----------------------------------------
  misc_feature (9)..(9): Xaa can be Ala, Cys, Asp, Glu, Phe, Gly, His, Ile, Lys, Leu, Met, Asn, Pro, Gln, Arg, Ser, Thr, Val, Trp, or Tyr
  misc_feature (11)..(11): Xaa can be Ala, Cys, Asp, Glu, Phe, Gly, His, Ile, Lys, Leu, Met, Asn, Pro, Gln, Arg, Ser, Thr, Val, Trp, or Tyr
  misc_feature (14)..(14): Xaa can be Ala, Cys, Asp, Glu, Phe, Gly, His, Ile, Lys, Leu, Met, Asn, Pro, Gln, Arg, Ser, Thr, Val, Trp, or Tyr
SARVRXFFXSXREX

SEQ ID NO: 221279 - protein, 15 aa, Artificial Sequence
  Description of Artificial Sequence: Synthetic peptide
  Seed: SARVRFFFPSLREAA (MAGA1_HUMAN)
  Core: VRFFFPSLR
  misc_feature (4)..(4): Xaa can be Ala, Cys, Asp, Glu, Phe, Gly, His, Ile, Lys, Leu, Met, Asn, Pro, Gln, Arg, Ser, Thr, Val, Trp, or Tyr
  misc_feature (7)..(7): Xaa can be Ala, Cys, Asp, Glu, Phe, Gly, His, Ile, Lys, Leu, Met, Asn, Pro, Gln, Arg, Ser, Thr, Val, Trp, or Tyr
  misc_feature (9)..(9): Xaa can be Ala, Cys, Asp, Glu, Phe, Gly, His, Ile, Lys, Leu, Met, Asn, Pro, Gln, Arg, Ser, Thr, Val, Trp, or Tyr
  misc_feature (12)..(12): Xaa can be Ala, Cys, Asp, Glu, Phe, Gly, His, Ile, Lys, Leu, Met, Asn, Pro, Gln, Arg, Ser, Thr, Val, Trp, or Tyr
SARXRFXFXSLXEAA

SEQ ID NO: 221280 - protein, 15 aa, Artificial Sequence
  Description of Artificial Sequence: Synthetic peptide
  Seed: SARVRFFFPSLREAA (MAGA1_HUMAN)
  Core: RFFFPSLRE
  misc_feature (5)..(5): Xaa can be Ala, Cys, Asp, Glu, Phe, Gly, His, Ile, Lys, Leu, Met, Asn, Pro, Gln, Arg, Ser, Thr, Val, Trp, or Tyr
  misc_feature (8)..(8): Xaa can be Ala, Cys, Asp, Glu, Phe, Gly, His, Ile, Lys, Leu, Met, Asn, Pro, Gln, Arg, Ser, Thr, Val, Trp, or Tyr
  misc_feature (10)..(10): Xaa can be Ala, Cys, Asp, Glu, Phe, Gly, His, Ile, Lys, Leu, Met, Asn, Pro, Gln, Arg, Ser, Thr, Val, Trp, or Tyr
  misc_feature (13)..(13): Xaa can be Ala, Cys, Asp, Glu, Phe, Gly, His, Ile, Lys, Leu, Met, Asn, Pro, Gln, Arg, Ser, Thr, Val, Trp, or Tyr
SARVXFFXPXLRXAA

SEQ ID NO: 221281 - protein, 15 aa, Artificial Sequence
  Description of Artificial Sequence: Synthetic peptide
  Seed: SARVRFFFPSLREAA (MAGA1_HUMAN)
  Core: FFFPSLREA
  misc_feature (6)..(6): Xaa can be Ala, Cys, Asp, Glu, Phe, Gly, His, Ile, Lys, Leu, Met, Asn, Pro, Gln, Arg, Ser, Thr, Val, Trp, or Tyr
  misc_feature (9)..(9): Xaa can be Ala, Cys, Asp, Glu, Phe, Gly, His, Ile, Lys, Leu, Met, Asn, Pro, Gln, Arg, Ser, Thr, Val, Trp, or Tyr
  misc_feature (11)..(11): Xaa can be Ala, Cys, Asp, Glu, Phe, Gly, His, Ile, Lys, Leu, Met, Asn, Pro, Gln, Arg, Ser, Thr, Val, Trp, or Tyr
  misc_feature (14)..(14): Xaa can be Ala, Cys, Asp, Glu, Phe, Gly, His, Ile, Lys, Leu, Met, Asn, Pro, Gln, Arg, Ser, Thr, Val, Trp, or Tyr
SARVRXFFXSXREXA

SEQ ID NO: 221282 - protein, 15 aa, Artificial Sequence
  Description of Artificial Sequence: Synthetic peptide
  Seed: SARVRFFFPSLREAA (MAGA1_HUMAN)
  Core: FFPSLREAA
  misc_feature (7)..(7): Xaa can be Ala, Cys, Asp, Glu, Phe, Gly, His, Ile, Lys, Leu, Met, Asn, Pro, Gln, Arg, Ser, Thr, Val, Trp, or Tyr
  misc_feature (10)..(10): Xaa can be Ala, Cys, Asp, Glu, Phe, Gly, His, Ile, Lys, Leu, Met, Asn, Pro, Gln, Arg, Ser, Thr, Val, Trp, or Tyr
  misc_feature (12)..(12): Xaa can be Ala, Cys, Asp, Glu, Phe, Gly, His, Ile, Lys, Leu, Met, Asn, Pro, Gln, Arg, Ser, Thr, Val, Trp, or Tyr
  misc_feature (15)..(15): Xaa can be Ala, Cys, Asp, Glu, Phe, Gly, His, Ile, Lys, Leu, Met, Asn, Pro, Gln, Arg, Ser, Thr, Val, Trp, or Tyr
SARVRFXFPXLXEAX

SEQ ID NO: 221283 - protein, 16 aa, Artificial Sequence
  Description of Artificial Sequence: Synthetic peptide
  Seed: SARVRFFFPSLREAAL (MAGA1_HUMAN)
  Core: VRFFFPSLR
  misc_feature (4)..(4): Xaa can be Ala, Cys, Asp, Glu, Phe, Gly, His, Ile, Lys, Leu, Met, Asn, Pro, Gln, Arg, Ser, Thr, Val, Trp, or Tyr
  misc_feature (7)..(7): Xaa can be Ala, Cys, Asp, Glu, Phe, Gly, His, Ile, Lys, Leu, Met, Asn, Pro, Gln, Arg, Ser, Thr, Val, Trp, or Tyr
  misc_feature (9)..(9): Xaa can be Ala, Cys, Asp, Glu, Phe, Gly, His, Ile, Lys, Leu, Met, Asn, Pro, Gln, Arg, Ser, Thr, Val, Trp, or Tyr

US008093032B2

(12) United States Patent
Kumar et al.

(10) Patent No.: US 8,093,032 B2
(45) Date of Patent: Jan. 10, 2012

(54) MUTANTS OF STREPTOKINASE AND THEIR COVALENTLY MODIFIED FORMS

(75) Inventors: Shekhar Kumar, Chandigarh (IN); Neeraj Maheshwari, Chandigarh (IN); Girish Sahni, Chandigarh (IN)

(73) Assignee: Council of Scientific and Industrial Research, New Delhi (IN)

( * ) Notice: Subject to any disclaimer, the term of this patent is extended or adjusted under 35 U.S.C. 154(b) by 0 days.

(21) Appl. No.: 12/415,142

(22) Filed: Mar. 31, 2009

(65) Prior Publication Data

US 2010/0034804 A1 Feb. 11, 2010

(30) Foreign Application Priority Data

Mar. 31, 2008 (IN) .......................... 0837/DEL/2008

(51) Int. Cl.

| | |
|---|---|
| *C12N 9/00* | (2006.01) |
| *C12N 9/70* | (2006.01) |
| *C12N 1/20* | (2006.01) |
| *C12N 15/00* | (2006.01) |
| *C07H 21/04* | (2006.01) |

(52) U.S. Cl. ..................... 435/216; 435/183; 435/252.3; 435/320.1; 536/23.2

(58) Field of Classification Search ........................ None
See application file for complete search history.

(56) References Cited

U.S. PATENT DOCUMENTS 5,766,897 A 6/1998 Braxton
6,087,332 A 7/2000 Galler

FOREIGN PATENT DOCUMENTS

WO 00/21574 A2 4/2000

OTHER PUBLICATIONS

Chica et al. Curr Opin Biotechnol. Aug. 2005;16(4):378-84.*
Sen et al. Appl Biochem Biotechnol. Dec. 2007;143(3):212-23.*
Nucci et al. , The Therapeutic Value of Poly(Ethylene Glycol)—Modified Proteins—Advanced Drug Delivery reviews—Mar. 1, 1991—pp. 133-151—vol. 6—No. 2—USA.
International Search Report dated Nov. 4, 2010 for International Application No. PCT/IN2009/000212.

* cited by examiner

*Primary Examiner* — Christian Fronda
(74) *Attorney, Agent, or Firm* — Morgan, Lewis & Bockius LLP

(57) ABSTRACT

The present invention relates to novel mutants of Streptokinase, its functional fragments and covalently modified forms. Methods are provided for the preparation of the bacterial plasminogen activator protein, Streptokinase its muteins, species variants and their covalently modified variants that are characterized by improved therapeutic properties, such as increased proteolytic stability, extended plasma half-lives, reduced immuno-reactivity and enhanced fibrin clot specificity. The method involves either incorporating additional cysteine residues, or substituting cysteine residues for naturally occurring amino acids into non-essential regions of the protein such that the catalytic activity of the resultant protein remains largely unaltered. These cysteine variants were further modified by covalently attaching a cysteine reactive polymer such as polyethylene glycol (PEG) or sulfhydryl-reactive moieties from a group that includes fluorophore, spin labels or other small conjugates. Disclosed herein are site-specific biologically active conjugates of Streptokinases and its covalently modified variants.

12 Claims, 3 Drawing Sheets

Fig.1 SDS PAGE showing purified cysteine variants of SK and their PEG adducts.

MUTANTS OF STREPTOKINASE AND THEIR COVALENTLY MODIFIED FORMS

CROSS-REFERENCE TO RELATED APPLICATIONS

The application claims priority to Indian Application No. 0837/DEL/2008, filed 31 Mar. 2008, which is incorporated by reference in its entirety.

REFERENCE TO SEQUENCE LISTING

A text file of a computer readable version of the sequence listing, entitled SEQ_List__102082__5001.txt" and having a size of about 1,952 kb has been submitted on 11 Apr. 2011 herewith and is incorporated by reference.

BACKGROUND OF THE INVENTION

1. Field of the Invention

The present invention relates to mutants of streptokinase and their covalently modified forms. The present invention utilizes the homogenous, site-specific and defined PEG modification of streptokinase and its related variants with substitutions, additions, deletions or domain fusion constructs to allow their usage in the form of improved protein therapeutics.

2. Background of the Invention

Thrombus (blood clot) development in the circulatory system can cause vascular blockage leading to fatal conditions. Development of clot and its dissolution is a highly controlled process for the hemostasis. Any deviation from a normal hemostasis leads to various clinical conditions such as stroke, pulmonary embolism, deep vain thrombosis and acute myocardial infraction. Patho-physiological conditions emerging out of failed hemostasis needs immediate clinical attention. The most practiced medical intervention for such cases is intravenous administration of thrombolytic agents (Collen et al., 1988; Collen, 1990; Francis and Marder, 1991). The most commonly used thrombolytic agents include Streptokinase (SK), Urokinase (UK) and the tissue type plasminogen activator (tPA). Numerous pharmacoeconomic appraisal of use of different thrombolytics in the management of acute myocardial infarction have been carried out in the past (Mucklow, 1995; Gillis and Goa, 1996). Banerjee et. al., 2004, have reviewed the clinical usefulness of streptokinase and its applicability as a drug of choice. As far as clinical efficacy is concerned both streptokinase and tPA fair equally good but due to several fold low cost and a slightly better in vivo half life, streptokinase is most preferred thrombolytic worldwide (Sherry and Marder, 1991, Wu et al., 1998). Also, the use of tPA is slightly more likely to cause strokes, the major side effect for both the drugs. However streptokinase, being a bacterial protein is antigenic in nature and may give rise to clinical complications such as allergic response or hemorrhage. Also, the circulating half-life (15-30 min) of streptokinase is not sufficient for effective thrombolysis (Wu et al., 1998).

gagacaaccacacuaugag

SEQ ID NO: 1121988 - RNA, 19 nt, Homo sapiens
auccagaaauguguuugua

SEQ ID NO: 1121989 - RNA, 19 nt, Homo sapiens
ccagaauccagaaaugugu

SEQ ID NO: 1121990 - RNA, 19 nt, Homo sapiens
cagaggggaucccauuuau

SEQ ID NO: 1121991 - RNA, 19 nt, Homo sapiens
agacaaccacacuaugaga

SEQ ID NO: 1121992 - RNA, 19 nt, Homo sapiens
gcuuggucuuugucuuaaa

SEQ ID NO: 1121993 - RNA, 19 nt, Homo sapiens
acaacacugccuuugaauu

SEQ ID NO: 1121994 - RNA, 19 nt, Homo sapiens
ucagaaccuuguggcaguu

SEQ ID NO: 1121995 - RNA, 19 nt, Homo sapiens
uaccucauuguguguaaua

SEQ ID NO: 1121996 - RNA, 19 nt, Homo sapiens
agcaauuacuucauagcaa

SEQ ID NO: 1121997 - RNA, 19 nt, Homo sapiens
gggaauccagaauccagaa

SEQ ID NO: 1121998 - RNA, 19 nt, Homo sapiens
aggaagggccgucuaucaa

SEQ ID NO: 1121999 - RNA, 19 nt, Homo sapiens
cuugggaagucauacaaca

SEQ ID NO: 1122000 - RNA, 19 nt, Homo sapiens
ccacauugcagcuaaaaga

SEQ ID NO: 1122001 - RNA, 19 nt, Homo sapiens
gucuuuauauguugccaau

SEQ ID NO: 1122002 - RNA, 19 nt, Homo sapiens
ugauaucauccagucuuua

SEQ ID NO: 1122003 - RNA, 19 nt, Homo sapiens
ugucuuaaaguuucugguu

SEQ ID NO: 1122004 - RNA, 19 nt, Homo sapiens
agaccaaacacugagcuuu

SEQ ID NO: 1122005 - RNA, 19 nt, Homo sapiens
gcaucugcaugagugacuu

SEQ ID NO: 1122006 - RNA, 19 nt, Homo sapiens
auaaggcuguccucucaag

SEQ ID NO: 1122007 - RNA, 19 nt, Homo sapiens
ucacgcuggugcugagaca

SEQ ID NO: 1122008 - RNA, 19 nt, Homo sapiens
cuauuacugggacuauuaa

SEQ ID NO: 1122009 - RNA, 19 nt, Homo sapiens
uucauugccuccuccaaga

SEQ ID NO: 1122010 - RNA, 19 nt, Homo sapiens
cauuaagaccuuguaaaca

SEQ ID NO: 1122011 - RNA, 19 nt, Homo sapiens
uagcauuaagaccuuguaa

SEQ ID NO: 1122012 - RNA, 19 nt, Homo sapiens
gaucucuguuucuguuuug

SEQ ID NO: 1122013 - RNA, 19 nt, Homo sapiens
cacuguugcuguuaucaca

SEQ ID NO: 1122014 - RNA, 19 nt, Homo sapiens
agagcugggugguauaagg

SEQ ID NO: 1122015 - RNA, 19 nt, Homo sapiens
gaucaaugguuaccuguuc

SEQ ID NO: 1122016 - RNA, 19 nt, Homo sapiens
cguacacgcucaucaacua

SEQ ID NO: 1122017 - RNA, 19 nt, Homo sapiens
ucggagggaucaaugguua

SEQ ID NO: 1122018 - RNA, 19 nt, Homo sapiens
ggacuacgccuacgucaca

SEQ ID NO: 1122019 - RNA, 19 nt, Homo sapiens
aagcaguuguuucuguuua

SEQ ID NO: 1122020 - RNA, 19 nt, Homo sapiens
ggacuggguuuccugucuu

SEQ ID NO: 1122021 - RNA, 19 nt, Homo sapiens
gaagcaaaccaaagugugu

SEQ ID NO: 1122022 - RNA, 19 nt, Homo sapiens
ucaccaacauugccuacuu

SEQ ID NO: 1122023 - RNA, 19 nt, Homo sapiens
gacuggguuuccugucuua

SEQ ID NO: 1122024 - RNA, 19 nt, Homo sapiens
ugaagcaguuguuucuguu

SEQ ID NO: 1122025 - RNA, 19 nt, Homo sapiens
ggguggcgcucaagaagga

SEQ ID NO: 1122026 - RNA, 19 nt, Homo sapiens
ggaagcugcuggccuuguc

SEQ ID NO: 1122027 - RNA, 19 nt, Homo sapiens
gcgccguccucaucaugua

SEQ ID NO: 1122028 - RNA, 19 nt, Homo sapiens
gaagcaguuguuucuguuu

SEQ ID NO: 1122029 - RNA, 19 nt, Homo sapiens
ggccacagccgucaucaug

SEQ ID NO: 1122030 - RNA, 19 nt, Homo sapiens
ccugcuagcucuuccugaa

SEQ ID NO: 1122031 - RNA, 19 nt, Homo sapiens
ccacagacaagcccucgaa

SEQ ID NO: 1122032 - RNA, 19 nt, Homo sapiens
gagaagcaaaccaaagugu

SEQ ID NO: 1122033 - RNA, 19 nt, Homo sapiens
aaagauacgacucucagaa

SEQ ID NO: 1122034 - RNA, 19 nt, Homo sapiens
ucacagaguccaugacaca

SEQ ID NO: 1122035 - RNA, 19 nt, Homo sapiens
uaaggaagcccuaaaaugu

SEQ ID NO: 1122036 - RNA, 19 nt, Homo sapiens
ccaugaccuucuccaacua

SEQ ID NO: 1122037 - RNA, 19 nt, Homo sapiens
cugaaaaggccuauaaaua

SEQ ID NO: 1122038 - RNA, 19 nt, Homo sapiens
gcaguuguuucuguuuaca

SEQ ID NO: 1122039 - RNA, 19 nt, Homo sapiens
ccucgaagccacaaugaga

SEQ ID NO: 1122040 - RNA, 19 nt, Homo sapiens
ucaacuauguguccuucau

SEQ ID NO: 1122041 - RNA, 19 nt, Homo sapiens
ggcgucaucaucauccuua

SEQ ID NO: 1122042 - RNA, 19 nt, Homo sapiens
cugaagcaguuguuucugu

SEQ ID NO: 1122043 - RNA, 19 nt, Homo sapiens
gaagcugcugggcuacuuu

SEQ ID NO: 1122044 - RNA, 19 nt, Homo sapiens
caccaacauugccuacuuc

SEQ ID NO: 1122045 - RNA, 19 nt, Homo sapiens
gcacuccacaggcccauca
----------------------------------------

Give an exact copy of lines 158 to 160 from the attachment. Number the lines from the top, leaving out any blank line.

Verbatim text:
SEQ ID NO: 1122016 - RNA, 19 nt, Homo sapiens
cguacacgcucaucaacua

SEQ ID NO: 1122017 - RNA, 19 nt, Homo sapiens